Monday, December 04, 2006

BALDWIN-LAFONTAINE WATCH

On Saturday I suggested the apparent Dion-Kennedy alliance harked back to the great Canadian political partnerships of Baldwin-Lafontaine, Macdonald-Cartier, Laurier-Sifton, and King-Lapointe.

Hours later Andrew Potter noticed the same theme.

Today, in the Toronto Star, Thomas Axworthy has picked up the meme.

Like the Robert Baldwin-Louis Lafontaine alliance of reformers in the 19th century, the Dion-Kennedy compact shifted the centre of gravity in the party and, if they continue to work together, may do so in the country.
Now, Dion and Kennedy have a very long way to go and massive accomplishments ahead of them if they are to deserve comparison to Baldwin-Lafontaine and the other historic pairs. Baldwin-Lafontaine established responsible government along with the intellectual and administrative foundations of modern Canada; Macdonald and Cartier's vision and action united the colonies of British North America into one nation; Laurier and Sifton secured the West by orchestrating the largest migration in Canadian history; King and Lapointe lead Canada through the Depression and the Second World War.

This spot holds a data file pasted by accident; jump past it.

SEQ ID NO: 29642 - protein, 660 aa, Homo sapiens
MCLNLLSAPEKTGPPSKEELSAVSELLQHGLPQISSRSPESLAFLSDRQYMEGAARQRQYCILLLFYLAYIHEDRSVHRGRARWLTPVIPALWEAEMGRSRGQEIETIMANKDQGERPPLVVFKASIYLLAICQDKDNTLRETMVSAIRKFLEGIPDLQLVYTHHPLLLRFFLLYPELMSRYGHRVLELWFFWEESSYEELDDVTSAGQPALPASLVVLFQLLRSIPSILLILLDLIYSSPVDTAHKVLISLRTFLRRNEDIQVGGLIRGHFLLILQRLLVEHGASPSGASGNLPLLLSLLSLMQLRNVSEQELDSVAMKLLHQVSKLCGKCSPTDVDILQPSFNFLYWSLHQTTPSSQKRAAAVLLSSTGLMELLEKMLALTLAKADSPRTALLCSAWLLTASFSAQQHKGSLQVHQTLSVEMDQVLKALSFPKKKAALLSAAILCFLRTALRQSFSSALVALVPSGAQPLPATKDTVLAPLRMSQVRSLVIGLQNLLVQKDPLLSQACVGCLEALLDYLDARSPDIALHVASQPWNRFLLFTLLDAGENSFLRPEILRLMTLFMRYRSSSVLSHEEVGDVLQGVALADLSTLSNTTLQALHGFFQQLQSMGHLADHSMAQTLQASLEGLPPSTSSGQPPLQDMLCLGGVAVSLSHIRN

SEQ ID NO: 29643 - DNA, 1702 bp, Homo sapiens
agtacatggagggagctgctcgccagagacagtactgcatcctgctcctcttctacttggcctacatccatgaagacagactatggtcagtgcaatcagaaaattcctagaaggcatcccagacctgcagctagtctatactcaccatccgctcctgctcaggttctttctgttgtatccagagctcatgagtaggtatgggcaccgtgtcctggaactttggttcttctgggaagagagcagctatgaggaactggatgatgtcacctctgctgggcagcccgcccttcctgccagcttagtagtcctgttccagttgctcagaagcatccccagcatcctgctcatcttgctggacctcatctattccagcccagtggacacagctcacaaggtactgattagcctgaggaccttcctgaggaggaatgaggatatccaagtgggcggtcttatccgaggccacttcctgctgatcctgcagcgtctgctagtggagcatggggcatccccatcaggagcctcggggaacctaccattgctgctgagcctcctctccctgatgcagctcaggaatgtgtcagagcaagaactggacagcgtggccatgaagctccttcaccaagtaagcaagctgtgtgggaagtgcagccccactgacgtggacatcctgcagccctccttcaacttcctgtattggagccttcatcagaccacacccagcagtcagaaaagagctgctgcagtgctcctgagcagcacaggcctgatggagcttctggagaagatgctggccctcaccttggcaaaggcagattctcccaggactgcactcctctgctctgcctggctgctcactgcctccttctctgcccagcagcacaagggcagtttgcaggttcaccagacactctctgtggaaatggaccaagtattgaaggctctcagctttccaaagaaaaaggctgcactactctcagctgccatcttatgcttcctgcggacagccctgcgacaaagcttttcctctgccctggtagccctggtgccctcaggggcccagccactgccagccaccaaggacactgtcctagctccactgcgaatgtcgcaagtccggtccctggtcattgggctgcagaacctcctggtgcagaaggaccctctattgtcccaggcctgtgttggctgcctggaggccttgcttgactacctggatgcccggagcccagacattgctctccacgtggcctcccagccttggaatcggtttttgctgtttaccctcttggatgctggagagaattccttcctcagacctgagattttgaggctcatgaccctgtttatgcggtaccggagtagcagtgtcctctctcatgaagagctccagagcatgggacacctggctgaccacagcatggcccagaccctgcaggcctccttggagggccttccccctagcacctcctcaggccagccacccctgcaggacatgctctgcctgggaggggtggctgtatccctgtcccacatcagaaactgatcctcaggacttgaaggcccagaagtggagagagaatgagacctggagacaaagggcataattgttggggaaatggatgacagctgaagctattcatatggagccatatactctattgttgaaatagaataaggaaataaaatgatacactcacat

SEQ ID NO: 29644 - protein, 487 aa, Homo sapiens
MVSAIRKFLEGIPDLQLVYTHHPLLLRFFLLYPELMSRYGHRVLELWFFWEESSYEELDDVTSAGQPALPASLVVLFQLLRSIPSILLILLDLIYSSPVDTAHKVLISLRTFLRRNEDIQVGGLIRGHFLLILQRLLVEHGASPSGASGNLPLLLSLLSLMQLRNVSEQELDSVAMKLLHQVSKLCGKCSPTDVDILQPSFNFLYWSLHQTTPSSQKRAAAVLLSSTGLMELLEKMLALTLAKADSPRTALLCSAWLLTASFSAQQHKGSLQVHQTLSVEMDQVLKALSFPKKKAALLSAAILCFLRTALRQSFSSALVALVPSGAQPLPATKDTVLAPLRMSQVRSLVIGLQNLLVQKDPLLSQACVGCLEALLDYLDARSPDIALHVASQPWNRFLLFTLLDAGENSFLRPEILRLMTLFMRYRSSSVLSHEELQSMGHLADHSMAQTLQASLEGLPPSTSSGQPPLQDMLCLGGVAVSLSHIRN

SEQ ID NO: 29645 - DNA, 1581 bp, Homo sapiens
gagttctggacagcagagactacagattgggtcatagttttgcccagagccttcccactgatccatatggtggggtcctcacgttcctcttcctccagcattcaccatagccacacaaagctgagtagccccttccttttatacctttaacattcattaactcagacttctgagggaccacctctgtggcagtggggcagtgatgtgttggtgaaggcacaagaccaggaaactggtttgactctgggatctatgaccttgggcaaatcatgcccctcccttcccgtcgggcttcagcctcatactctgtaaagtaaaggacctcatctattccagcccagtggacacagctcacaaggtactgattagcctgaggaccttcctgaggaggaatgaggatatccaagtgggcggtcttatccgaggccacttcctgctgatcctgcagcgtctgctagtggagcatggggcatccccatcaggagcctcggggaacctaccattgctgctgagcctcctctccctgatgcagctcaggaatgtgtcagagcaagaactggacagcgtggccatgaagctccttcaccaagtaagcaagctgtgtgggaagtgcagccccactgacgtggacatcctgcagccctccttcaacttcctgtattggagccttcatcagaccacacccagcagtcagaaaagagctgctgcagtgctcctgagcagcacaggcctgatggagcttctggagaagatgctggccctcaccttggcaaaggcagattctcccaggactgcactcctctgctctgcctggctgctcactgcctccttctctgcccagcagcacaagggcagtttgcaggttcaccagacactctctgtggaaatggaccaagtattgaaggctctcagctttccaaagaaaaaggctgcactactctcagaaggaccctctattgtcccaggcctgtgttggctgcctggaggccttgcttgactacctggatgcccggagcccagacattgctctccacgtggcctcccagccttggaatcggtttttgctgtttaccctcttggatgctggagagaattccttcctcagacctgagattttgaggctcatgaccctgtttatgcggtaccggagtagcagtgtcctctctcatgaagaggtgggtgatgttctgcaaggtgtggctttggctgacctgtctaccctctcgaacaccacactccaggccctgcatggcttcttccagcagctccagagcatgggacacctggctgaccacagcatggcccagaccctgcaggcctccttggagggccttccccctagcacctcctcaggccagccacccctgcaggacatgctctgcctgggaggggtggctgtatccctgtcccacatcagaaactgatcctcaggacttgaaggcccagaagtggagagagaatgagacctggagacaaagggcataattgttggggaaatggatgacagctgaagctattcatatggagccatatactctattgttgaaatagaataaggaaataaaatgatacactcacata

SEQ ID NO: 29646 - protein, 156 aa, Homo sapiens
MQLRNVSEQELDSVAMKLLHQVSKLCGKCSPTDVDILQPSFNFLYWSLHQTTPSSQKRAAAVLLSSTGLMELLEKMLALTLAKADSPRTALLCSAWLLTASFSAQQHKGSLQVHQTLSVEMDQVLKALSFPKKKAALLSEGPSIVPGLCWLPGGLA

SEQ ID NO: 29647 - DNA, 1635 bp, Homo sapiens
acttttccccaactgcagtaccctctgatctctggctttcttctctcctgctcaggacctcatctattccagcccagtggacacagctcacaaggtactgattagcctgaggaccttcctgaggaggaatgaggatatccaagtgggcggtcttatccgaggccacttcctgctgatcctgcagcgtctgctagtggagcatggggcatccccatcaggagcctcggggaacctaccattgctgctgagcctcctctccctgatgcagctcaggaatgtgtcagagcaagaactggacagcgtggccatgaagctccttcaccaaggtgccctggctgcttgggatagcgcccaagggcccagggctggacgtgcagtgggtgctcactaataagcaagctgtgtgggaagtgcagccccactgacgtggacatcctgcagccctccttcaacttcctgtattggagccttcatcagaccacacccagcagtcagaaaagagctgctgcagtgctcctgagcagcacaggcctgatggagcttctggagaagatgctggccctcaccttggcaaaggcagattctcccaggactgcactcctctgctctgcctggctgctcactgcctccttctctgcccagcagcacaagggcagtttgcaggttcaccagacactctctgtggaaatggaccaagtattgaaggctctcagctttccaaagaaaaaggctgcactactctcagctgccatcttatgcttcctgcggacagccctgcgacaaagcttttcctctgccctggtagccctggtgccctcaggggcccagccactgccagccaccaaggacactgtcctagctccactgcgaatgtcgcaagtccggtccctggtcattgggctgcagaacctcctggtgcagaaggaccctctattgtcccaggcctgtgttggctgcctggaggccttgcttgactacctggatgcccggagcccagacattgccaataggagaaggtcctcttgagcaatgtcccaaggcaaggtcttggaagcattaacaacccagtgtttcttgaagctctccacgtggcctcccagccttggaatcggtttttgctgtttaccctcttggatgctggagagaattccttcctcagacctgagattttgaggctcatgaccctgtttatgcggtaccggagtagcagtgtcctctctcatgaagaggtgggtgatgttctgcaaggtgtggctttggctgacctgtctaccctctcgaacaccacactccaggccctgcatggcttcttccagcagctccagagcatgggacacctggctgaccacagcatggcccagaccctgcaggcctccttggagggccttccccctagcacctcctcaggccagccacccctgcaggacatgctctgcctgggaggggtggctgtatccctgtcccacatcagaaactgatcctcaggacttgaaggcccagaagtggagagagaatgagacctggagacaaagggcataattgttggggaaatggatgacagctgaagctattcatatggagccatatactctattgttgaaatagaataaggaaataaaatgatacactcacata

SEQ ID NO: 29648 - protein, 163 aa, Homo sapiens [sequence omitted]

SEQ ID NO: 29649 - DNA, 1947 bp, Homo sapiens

The Dion and Kennedy alliance is only suggestive of those past partnerships. While I think their ascendancy does indicate a new era for the Liberal party, they have significant work ahead of them if they are to truly deserve comparison with the great leadership partnerships of Canada's past.

Update, several minutes later, after a quick Google search:

Counterweights has also made the historical comparison, and incidentally, back on November 17th suggested that a Kennedy-Dion alliance could defeat Iggy and Rae. This looks like a blog I may be reading more of.

They also remind us of the Mackenzie-Papineau partnership. Mackenzie and Papineau are probably best known for their mini-revolution and failed coup against the governments of the Canadas in 1837-38. It could be argued however that they got the responsible government ball rolling whence it was picked up by Baldwin-Lafontaine who carried it to its more moderate and thoughtful (typically Canadian) conclusion.

Posted by Matthew @ 9:39 AM